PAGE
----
The garden takes its name from the IWA’s recent publication ‘The Great Outdoors, A guide for Accessibility’ produced by the Irish Wheelchair Association (IWA) Sports and Access departments with the support of Sport Ireland and the Dormant Accounts Fund. It is a document which provides guidance on how accessible design can be applied to open up natural beauty spots to all and the details within the guide provides accessibility information, advice and guidance to organisations and individuals responsible for outdoor environments including, trails, greenways, public parks, beaches, waterways and the built environment.
Our show garden this year aims to create an accessible place of wild beauty that excludes no-one and aims to highlight this important document which provides everyone from developers and planners to architects and designers with detailed technical and practical advice across a range of environments on how we can make Ireland more accessible to everyone.
In our garden, a simple cedar structure, open at the front and growing more protected at the back sits nestled within a wild garden becomes a peaceful, inclusive haven. It invites the user to immerse their senses in nature, drinking in the sounds, touch, scent and views of the exquisite setting. The structure design enables wheelchair users comfortable access, with ample room for navigation, turning and companionship. Surrounded by lush ferns, with shade planting towards the back and soft meadow-style planting towards the front, the structure poses the question ‘what is inside and what is outside?’ and represents a calming journey from everyday life into the wilderness.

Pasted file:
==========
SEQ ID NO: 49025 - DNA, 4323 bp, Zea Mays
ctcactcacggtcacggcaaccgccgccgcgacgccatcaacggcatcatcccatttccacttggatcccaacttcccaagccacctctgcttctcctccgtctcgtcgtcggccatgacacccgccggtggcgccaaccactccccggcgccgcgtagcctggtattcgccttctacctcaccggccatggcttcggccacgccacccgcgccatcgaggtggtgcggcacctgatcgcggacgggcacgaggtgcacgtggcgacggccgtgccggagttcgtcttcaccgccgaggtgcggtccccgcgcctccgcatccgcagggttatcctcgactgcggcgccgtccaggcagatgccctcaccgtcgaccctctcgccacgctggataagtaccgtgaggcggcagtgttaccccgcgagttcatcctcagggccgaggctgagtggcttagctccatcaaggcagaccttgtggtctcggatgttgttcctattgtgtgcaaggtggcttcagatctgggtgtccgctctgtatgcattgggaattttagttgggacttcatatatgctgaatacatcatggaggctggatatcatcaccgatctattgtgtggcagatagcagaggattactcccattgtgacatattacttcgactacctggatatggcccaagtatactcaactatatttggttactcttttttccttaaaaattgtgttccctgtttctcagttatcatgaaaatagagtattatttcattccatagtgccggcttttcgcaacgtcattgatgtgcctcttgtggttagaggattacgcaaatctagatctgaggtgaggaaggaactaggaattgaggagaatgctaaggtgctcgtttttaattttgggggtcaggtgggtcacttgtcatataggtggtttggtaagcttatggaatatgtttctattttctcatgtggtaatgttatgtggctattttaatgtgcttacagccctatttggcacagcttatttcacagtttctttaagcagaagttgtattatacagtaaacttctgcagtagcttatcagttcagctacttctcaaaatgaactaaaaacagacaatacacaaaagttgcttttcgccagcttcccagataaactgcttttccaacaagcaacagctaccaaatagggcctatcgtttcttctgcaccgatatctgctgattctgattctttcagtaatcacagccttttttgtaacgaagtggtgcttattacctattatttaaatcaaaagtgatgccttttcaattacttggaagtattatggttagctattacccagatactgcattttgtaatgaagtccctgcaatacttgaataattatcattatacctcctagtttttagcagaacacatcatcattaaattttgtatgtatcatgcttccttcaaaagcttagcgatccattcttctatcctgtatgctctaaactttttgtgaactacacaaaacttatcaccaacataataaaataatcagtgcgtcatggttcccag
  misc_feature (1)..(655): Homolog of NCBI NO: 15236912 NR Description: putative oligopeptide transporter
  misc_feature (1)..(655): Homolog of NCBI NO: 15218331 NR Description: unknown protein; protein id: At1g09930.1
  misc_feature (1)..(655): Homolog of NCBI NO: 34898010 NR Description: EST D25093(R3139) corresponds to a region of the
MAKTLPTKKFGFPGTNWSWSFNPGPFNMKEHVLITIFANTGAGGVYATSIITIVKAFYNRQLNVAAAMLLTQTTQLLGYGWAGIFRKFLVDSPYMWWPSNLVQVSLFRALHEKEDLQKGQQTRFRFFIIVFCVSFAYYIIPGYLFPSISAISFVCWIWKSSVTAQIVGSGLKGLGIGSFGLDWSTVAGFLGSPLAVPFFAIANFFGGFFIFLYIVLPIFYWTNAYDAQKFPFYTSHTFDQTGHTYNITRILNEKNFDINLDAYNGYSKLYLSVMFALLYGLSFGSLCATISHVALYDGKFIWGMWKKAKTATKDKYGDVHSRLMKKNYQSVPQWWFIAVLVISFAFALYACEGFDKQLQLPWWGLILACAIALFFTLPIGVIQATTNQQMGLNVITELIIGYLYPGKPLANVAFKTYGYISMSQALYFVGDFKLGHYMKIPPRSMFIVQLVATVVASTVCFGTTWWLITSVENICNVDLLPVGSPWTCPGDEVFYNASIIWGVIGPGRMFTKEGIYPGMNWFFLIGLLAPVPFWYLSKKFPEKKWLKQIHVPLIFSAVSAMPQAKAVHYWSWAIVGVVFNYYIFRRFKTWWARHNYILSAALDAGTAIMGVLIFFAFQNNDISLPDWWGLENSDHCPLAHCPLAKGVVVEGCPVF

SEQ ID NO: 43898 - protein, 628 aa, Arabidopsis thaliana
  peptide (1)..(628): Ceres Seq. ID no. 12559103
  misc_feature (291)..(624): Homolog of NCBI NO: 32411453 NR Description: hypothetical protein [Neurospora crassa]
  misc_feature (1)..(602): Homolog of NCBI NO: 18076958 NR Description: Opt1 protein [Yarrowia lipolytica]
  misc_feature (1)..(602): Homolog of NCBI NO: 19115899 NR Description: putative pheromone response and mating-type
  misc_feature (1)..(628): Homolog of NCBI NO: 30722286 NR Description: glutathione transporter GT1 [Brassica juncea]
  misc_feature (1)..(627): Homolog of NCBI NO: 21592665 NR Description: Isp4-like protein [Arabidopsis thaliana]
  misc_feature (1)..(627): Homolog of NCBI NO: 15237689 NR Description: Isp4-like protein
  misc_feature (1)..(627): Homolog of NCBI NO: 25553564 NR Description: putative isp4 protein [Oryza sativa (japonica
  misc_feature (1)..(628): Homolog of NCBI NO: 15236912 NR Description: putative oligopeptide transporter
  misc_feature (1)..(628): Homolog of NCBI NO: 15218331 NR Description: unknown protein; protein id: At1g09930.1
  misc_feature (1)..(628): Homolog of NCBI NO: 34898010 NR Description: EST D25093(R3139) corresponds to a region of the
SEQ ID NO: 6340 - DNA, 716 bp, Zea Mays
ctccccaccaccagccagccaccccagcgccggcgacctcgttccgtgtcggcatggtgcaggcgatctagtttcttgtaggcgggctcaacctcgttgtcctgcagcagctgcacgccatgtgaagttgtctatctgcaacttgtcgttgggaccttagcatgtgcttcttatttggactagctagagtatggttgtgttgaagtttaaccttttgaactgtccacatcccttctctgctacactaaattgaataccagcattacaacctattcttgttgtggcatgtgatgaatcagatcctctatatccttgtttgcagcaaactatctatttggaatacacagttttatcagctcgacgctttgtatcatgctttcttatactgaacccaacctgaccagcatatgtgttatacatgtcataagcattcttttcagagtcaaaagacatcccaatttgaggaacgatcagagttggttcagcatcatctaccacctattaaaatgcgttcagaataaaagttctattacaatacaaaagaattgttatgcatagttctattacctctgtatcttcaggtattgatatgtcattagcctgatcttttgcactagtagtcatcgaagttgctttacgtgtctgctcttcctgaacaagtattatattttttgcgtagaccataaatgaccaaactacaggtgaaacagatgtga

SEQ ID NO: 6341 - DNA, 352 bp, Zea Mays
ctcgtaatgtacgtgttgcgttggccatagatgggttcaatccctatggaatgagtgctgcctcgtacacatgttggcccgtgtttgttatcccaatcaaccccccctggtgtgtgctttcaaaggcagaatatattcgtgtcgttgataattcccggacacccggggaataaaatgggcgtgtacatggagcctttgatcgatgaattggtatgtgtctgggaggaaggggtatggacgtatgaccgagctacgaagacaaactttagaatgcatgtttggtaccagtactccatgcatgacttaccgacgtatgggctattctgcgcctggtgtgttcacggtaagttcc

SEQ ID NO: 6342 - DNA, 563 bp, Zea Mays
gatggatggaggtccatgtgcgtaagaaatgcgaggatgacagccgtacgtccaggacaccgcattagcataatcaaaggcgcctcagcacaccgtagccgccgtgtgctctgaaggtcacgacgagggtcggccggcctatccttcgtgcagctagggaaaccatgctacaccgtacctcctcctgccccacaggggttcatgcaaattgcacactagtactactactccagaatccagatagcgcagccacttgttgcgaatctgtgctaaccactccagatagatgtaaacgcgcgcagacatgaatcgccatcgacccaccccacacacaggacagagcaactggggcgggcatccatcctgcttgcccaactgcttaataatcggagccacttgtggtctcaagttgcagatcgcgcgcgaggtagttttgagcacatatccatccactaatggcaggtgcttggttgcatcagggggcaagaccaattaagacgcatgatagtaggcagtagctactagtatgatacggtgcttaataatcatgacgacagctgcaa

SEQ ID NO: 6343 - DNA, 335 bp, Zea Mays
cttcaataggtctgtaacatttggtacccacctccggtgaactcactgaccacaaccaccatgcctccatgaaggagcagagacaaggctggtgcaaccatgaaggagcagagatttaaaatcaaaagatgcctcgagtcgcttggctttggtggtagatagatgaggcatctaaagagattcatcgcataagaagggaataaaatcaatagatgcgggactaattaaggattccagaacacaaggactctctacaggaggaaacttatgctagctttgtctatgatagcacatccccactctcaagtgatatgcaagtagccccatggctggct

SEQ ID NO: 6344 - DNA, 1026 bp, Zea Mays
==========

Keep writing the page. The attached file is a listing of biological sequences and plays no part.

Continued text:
As part of the garden we will also be collaborating with the talented artist Sara O’Neill of Eadach designs who will explore of the IWA vision from an artistic perspective, creating some very special artwork for the show garden, bringing nature and the great outdoors into the garden from another fascinating perspective.
It’s this multi-faceted, accessible connection to the great outdoors which I’m looking forward so much to creating. Taking inspirations from the people I met over the course of the design, the wild nature we all love and bringing our design to the Phoenix park on the June bank holiday weekend to be shown to everyone. It’s the perfect chance to create a design which is inclusive and allows every user to re-connect with nature and embrace ‘The Great Outdoors’.
‘The Great Outdoors’ show garden designed by Leonie Cornelius for the Irish Wheelchair association garden can be seen at the Bloom in the Park festival this June bank holiday weekend- 30 May- 3 June 2019